Asia Pacific Amateur begins in Thailand
BY Bruce Young | World Amateur Tour | 2012 Asia-Pacific Amateur Championship | Preview | 31 Oct 2012
The Asia-Pacific Amateur Championship gets underway at the Amata Spring Golf and Country Club outside of Bangkok, a tournament rapidly growing in status and now considered amongst the great amateur events in the world.
In four short years the tournament has developed a reputation for the level of organisation reserved only for significant professional events and perhaps the US Amateur Championship but the huge logistical exercise necessary to bring together 120 players from 36 countries has been well orchestrated by the partnership of the Asia Pacific Golf Federation, the Masters and the R&A.
At stake is not only the title of the Asia Pacific Amateur Champion but the opportunity to play the Masters at Augusta National in early April of 2013. The winner of the event gets an invitation to the Masters and the runner(s)-up direct access to International Final Qualifying for the Open Championship.
The defending champion and in fact the winner in both 2010 and 2011 Hideki Matsuyama headlines the field but there are many other exciting young talents who will give the 20 year old all he can handle and more.
Matsuyama not only won this event in each of the last two years but he also went on to make the cut on debut at the Masters on debut in 2011 where he finished as the leading amateur and earlier this year he again made the cut and finished second to only Patrick Cantlay in the amateur honours.
Matsuyama has had perhaps a disappointing season by his standards, failing to qualify for the match play at the US Amateur and finishing only 26th at the Eisenhower Trophy. He did however finish 7th at the recent Japan Open and as the winner of the prestigious Visa Taiheiyo Masters on the Japan Golf Tour in 2011 he is considered as the most exciting prospect in Japanese golf since the arrival of Ryo Ishikawa.
Chinese Taipei 21 year old Pan Cheng Tsung is the second highest ranked amateur in this field behind Matsuyama. Pan, who was raised in Chinese Taipei until leaving for the US at the age of 15, is though developing into an outstanding talent after several years at the Brandenton Academy in Florida and more recently at the University of Washington.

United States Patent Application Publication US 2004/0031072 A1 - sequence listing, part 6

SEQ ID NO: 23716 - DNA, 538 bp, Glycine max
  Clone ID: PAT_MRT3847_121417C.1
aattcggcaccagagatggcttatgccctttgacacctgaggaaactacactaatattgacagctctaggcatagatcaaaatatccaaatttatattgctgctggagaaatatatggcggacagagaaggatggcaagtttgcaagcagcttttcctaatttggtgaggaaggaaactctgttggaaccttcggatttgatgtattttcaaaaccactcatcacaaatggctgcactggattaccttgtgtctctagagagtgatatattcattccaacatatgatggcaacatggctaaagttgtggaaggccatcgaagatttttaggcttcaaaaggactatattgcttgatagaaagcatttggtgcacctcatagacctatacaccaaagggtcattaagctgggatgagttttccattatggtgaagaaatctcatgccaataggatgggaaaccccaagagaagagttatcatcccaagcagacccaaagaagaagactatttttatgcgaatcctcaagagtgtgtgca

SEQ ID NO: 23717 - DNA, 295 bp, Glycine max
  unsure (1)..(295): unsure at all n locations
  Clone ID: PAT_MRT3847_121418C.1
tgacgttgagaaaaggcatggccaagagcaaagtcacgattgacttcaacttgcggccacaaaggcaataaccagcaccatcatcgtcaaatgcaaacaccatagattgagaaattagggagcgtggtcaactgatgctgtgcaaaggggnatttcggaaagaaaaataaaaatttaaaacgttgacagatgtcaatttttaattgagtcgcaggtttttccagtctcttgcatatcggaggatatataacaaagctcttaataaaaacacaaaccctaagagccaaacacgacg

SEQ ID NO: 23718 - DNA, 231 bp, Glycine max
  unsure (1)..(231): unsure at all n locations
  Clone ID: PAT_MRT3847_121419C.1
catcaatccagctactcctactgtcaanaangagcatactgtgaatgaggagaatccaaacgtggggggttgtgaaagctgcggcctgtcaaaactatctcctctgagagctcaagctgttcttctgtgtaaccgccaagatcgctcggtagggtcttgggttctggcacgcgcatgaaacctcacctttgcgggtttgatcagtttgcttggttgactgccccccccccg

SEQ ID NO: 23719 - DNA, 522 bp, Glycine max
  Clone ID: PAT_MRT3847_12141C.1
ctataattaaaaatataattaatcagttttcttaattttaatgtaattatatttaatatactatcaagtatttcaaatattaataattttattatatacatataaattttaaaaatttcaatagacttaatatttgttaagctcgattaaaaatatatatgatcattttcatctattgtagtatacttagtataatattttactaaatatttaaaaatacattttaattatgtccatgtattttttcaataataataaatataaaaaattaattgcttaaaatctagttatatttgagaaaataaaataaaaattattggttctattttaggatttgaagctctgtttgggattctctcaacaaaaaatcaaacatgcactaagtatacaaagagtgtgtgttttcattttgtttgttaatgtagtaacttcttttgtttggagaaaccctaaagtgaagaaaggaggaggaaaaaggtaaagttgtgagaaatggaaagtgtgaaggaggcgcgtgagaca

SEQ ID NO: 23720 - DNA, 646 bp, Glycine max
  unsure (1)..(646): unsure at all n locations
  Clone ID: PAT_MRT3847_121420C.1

This year Pan finished second in the stroke-play at the US Open qualifying to Bobby Wyatt and made it to the quarters. Five years ago Pan became the youngest ever player to make it to the quarter finals of the US Amateur at the ripe old age of 15.
This year’s field is an eclectic mix but amongst the favourites is the winner of last week’s West Australian Open Oliver Goss who, like Pan, also made it to the quarter finals at this year’s US Amateur Championship.
Goss defeated another amateur at Royal Perth to win the PGA Tour of Australasia event, the victory coming on top of his win in the West Australian Amateur Championship earlier in the year. Goss is off to the University of Tennessee in January of 2013 and appears set for a great future in the game.
Cameron Smith finished 4th in this event last year and is another who many consider a great chance to win the title this year. Smith finished 13th at the Eisenhower and 4th at the Porter Cup during a series of events he played in the US. He is a former Australian Stroke-play champion but still a teenager and is another great future prospect for Australian golf.
Other Australians in the field include Brett Drewitt, Nathan Holman, James McMillan and Ricky Kato.
New Zealand also has six representatives headed by their New Zealand Amateur and Stroke-play Champion Vaughn McCall. McCall made the cut in a recent Japan Tour event and finished a very creditable 13th at the Eisenhower. McCall also finished 7th in this event last year.
The tournament is played over 36 holes with the cut made on Friday to the leading 60 and ties.
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